It also offers a varied range of connectivity options: Bluetooth, infrared, synchronisation and USB via the supplied proprietary cable that connects to the phone's charging socket. Something else that's worth a pat on the back is the excellent range of ringtones, with a genuinely wide selection that can all be set to a loud din if necessary!

Multimedia functionality

Returning to the multimedia functionality, the 1.3- megapixel resolution camera will shoot both stills and video. For stills, you can select three different picture sizes and two quality settings. A night mode is on offer for shooting in low light instead of an integrated fl ash, and self-portraits can be taken using the mirror mounted next to the lens.

A 4x zoom facility is included but it can only be used on the smallest picture setting (with a 2x zoom on medium-sized images and no zoom at all on the largest setting) and other features lurking in the options menu are a self- timer and a selection of picture effects.

Video recording offers only two shooting modes, high quality video or picture message, and two video sizes: large (176x144) and small (128x96). It offers the same picture effects and night mode option as the stills camera.

The images captured are not the best we've seen from either a 1.3-megapixel camera phone or other Sony Ericsson models come to that, but they're not the worst either.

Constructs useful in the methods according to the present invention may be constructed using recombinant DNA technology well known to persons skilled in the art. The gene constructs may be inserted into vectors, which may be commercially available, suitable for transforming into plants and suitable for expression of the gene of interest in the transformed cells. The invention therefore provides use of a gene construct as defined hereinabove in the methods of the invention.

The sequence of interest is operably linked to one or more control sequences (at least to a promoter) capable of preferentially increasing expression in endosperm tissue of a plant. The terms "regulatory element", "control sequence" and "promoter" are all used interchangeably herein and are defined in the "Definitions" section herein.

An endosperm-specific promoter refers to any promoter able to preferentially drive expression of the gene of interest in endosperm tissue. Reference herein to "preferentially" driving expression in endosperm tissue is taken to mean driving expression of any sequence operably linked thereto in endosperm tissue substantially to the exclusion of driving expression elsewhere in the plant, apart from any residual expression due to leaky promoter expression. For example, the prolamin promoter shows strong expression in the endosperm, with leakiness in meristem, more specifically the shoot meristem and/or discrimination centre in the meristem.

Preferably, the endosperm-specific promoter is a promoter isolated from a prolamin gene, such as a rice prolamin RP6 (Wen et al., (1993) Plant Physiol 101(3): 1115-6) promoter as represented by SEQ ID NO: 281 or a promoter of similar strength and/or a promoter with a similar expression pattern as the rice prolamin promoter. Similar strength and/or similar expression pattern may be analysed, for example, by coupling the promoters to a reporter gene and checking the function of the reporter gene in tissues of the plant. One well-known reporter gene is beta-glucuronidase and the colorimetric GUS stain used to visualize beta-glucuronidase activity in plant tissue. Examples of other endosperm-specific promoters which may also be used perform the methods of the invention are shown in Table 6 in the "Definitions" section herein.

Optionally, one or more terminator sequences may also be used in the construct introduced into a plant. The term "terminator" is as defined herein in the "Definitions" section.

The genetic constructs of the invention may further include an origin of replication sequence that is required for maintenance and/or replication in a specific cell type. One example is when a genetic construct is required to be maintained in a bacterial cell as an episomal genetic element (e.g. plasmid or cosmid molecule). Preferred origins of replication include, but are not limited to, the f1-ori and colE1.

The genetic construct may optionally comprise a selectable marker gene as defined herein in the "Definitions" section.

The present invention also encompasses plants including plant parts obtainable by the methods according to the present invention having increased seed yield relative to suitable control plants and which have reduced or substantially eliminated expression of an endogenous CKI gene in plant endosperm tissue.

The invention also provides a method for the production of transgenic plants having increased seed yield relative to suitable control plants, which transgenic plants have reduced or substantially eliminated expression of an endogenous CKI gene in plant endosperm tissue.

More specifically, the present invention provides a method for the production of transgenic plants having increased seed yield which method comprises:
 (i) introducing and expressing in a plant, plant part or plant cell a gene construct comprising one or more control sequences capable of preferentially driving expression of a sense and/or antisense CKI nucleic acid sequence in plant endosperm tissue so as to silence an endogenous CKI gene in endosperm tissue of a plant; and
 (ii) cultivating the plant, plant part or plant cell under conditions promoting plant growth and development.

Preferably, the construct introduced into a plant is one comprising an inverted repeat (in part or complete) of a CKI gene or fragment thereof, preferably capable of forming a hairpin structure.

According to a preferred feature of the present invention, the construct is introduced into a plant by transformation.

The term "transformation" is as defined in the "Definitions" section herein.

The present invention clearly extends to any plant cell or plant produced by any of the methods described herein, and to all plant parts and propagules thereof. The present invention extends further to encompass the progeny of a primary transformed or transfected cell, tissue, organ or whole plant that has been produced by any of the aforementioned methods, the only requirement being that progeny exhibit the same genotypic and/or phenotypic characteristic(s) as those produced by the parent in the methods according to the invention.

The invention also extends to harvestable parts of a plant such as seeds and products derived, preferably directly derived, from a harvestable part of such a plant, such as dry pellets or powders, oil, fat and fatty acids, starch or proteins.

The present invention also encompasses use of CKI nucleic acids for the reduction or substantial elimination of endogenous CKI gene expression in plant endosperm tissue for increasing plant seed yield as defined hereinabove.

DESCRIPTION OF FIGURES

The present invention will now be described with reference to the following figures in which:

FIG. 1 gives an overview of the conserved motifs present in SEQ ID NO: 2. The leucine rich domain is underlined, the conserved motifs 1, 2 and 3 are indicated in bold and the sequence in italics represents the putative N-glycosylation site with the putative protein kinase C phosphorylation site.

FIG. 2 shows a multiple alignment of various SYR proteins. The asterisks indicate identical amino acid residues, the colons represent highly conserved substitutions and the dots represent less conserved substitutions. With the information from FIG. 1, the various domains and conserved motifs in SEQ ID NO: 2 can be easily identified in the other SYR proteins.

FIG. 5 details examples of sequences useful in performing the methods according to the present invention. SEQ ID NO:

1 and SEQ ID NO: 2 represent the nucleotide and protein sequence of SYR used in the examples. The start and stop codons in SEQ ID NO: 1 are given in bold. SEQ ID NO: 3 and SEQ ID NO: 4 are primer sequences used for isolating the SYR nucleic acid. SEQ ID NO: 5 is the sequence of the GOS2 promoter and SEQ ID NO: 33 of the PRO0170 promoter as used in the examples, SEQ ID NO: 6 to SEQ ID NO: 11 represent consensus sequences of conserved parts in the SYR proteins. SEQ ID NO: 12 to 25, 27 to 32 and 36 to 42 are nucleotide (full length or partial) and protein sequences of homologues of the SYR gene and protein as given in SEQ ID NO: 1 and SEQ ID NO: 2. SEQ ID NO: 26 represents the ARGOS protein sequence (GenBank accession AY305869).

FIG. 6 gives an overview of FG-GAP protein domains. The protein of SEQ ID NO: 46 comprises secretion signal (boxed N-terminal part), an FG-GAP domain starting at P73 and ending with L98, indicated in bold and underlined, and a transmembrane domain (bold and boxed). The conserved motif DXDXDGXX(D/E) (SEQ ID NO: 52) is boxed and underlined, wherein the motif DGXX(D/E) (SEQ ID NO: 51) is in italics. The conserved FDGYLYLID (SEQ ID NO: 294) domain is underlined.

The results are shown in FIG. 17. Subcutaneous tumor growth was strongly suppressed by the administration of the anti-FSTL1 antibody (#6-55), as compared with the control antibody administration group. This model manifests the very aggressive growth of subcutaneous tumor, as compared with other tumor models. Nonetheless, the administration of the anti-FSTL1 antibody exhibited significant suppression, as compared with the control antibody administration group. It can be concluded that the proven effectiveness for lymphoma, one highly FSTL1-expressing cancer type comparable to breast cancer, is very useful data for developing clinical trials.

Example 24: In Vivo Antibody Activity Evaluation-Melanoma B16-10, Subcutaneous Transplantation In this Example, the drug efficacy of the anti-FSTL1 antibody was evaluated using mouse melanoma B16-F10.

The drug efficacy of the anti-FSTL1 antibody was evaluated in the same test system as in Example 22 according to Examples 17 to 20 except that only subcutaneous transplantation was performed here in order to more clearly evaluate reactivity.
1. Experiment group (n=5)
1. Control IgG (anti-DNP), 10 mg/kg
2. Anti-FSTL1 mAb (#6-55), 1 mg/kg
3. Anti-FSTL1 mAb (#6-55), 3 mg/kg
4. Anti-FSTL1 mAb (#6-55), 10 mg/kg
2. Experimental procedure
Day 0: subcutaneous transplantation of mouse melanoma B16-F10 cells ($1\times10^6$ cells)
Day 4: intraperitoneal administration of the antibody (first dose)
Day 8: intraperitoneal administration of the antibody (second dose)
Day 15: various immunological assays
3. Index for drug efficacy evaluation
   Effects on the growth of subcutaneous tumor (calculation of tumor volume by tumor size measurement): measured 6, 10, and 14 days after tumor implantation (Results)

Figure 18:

Colour reproduction

Colours are nicely reproduced, but you have to be either very near to your subject or zoom in very close to get any real sense of detail. In video mode, you'll need an incredibly steady hand otherwise every stutter and shake will be picked up by the ultrasensitive lens and we also found it hard to get stable light levels into the lens while filming, so the footage would veer between bright and dark.

The amount of footage you can fi lm is determined by the amount of free memory space. The total memory allocation of 28MB isn't fantastic by current standards, and is shared between all of the K510i's applications. Unfortunately it can't be expanded with Memory Sticks (like a growing number of Sony Ericsson handsets), so you'll have to manage your multimedia content carefully.